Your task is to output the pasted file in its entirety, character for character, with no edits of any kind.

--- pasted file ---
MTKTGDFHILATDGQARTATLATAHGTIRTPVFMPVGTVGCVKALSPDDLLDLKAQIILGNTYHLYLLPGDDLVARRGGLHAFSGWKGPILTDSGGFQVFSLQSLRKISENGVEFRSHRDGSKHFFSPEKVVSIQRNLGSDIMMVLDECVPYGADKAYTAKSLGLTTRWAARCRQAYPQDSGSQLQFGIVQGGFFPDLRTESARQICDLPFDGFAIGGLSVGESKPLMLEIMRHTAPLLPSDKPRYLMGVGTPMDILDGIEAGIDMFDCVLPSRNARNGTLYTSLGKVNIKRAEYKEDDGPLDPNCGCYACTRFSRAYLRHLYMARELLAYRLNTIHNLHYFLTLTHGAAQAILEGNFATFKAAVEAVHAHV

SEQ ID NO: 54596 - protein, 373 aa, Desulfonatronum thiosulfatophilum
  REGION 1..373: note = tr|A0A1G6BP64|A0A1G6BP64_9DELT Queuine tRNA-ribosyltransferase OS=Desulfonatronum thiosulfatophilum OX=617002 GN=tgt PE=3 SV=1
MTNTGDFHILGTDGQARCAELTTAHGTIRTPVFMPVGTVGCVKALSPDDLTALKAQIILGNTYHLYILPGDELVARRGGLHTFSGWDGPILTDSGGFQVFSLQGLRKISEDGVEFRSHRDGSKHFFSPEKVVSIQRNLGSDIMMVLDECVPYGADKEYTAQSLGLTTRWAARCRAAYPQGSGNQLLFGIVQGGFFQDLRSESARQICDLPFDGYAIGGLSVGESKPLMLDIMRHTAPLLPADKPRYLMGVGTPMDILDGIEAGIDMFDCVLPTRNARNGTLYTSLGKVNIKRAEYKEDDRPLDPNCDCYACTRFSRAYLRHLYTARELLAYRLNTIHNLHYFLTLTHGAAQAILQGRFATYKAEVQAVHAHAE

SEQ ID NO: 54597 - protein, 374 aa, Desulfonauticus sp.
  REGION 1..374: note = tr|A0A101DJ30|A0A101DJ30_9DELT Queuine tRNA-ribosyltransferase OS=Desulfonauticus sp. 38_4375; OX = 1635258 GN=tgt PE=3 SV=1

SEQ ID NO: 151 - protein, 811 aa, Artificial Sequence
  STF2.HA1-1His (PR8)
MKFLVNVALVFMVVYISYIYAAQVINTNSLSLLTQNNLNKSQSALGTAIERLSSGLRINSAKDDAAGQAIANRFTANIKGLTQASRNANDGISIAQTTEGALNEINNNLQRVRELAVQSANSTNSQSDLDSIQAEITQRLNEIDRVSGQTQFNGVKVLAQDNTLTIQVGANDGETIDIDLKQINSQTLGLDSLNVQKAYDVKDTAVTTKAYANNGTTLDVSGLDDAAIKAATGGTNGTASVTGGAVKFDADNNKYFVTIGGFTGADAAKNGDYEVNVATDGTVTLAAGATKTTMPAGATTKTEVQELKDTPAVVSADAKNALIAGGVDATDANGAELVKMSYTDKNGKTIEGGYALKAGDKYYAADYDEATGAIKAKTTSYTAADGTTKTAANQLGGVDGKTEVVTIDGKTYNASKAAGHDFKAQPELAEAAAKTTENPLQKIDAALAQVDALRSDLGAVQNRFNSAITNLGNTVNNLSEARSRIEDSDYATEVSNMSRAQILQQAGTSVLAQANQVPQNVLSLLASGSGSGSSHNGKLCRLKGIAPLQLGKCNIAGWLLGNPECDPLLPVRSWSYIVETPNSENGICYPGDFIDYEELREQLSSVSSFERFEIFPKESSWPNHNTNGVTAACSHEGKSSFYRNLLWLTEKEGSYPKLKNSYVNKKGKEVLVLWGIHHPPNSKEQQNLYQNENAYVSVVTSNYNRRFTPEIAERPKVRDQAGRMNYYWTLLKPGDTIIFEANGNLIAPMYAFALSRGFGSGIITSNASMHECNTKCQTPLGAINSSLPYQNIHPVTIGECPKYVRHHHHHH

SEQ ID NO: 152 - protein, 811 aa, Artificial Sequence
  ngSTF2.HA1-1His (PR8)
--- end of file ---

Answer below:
MTKTGDFHILATDGQARTATLATAHGTIRTPVFMPVGTVGCVKALSPDDLLDLKAQIILGNTYHLYLLPGDDLVARRGGLHAFSGWKGPILTDSGGFQVFSLQSLRKISENGVEFRSHRDGSKHFFSPEKVVSIQRNLGSDIMMVLDECVPYGADKAYTAKSLGLTTRWAARCRQAYPQDSGSQLQFGIVQGGFFPDLRTESARQICDLPFDGFAIGGLSVGESKPLMLEIMRHTAPLLPSDKPRYLMGVGTPMDILDGIEAGIDMFDCVLPSRNARNGTLYTSLGKVNIKRAEYKEDDGPLDPNCGCYACTRFSRAYLRHLYMARELLAYRLNTIHNLHYFLTLTHGAAQAILEGNFATFKAAVEAVHAHV

SEQ ID NO: 54596 - protein, 373 aa, Desulfonatronum thiosulfatophilum
  REGION 1..373: note = tr|A0A1G6BP64|A0A1G6BP64_9DELT Queuine tRNA-ribosyltransferase OS=Desulfonatronum thiosulfatophilum OX=617002 GN=tgt PE=3 SV=1
MTNTGDFHILGTDGQARCAELTTAHGTIRTPVFMPVGTVGCVKALSPDDLTALKAQIILGNTYHLYILPGDELVARRGGLHTFSGWDGPILTDSGGFQVFSLQGLRKISEDGVEFRSHRDGSKHFFSPEKVVSIQRNLGSDIMMVLDECVPYGADKEYTAQSLGLTTRWAARCRAAYPQGSGNQLLFGIVQGGFFQDLRSESARQICDLPFDGYAIGGLSVGESKPLMLDIMRHTAPLLPADKPRYLMGVGTPMDILDGIEAGIDMFDCVLPTRNARNGTLYTSLGKVNIKRAEYKEDDRPLDPNCDCYACTRFSRAYLRHLYTARELLAYRLNTIHNLHYFLTLTHGAAQAILQGRFATYKAEVQAVHAHAE

SEQ ID NO: 54597 - protein, 374 aa, Desulfonauticus sp.
  REGION 1..374: note = tr|A0A101DJ30|A0A101DJ30_9DELT Queuine tRNA-ribosyltransferase OS=Desulfonauticus sp. 38_4375; OX = 1635258 GN=tgt PE=3 SV=1

SEQ ID NO: 151 - protein, 811 aa, Artificial Sequence
  STF2.HA1-1His (PR8)
MKFLVNVALVFMVVYISYIYAAQVINTNSLSLLTQNNLNKSQSALGTAIERLSSGLRINSAKDDAAGQAIANRFTANIKGLTQASRNANDGISIAQTTEGALNEINNNLQRVRELAVQSANSTNSQSDLDSIQAEITQRLNEIDRVSGQTQFNGVKVLAQDNTLTIQVGANDGETIDIDLKQINSQTLGLDSLNVQKAYDVKDTAVTTKAYANNGTTLDVSGLDDAAIKAATGGTNGTASVTGGAVKFDADNNKYFVTIGGFTGADAAKNGDYEVNVATDGTVTLAAGATKTTMPAGATTKTEVQELKDTPAVVSADAKNALIAGGVDATDANGAELVKMSYTDKNGKTIEGGYALKAGDKYYAADYDEATGAIKAKTTSYTAADGTTKTAANQLGGVDGKTEVVTIDGKTYNASKAAGHDFKAQPELAEAAAKTTENPLQKIDAALAQVDALRSDLGAVQNRFNSAITNLGNTVNNLSEARSRIEDSDYATEVSNMSRAQILQQAGTSVLAQANQVPQNVLSLLASGSGSGSSHNGKLCRLKGIAPLQLGKCNIAGWLLGNPECDPLLPVRSWSYIVETPNSENGICYPGDFIDYEELREQLSSVSSFERFEIFPKESSWPNHNTNGVTAACSHEGKSSFYRNLLWLTEKEGSYPKLKNSYVNKKGKEVLVLWGIHHPPNSKEQQNLYQNENAYVSVVTSNYNRRFTPEIAERPKVRDQAGRMNYYWTLLKPGDTIIFEANGNLIAPMYAFALSRGFGSGIITSNASMHECNTKCQTPLGAINSSLPYQNIHPVTIGECPKYVRHHHHHH

SEQ ID NO: 152 - protein, 811 aa, Artificial Sequence
  ngSTF2.HA1-1His (PR8)